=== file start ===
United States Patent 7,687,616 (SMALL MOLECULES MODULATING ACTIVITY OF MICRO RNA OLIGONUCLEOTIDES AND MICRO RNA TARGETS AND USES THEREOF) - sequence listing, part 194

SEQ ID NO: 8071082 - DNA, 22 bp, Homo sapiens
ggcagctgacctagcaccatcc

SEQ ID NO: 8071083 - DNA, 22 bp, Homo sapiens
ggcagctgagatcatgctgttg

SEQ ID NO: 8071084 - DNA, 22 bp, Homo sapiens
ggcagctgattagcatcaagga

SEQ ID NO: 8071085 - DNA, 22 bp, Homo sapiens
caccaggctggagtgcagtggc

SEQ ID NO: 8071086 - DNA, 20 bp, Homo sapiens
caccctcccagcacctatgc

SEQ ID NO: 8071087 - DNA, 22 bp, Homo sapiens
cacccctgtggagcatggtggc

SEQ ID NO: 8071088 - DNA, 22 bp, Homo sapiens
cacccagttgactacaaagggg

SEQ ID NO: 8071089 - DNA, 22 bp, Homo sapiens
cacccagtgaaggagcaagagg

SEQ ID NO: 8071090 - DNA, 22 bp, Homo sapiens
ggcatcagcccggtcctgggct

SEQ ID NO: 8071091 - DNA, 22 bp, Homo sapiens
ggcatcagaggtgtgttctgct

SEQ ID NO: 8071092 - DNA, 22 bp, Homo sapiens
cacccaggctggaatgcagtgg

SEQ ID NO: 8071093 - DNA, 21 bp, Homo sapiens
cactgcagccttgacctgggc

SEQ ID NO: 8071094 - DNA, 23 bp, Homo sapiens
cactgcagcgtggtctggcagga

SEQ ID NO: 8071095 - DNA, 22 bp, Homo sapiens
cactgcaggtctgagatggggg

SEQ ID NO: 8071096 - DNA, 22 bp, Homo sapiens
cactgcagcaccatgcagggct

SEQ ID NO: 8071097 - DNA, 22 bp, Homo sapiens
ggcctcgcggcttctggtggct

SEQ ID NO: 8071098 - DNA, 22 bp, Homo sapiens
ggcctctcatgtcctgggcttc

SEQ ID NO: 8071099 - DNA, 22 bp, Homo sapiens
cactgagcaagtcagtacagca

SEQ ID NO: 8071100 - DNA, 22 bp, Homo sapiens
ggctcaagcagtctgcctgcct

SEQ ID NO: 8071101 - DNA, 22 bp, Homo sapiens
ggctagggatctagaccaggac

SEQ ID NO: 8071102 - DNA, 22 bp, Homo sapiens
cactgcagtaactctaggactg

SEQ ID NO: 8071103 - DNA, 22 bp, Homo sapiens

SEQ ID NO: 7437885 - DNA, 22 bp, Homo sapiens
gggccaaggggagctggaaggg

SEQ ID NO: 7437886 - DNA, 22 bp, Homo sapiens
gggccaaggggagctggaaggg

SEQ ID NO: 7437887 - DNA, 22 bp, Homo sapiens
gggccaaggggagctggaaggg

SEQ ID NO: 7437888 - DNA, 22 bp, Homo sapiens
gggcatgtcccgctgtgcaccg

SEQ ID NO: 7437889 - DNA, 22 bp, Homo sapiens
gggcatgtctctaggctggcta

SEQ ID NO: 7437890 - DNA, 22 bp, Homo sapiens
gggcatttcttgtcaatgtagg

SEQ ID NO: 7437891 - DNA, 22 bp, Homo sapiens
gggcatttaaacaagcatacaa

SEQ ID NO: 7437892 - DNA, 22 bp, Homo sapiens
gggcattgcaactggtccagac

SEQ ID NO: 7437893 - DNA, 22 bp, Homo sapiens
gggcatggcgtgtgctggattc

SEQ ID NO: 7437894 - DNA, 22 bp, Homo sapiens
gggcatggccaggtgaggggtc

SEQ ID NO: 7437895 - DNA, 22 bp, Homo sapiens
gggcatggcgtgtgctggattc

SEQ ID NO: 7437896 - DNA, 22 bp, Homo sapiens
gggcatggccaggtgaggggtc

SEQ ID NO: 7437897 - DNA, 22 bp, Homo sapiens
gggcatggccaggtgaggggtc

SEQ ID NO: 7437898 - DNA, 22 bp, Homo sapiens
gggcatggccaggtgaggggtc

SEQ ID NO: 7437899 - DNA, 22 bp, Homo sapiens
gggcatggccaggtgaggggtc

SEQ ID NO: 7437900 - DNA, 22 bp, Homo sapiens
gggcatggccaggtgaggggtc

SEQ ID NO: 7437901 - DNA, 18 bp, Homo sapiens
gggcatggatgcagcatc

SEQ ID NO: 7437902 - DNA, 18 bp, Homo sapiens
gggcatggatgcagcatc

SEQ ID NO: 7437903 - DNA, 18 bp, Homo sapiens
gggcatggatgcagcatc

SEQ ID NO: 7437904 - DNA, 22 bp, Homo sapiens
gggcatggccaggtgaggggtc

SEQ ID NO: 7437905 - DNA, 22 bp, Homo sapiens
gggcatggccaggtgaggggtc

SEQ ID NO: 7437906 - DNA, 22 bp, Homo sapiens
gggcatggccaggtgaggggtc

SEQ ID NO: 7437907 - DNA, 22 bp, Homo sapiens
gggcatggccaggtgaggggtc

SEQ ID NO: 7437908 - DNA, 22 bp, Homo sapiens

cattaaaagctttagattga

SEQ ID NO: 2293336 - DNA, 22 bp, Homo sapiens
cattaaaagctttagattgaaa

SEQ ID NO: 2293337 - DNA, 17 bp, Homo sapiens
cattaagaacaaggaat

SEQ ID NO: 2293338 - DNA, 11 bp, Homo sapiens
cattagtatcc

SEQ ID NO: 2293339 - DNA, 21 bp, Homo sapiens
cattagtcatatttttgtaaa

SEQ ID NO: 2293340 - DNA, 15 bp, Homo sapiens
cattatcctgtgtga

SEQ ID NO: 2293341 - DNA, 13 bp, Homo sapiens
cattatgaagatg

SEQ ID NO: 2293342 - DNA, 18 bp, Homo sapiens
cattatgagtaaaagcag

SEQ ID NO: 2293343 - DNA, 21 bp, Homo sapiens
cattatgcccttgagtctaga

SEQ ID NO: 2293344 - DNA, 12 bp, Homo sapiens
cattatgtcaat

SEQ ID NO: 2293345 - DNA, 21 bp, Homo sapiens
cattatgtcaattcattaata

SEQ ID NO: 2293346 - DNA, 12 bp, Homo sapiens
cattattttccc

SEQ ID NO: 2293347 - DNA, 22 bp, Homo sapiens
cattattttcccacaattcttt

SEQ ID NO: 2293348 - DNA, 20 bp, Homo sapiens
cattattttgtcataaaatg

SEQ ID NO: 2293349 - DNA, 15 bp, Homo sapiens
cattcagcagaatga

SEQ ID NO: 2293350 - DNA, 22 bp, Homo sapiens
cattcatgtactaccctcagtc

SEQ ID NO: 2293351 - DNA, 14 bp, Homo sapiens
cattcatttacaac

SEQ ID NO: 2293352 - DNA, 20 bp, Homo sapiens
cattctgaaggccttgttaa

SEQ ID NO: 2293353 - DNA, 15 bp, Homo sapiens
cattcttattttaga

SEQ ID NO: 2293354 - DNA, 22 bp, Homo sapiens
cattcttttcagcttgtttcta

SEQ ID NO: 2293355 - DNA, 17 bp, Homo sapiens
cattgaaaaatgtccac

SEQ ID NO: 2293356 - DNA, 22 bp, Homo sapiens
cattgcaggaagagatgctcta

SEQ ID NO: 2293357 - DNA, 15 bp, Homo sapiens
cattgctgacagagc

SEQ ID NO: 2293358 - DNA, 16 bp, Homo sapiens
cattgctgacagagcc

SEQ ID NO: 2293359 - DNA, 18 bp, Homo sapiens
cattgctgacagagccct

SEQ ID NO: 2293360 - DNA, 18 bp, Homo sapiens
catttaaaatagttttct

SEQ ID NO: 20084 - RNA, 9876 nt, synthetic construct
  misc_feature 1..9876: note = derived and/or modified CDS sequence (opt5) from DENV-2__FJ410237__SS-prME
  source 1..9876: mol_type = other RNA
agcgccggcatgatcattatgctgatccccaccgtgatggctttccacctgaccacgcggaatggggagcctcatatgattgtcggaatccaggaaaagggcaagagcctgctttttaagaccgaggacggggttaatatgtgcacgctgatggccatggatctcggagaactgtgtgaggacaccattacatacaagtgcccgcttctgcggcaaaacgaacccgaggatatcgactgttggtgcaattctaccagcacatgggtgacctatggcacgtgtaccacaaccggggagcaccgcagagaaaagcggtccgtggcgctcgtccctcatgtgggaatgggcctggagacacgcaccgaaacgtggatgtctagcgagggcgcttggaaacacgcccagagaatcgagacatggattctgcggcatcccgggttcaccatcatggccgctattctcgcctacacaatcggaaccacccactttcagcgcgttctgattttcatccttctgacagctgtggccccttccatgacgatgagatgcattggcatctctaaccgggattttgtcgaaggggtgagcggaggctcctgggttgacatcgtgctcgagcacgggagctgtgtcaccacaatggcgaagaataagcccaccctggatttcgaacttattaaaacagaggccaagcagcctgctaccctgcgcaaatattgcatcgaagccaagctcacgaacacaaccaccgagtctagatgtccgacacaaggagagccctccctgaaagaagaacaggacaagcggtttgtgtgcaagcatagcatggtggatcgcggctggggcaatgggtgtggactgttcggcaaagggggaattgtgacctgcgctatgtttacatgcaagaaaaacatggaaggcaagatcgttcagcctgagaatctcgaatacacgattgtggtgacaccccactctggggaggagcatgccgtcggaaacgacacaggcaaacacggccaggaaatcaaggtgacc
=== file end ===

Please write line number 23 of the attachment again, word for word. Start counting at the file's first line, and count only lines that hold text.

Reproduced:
cacccaggctggaatgcagtgg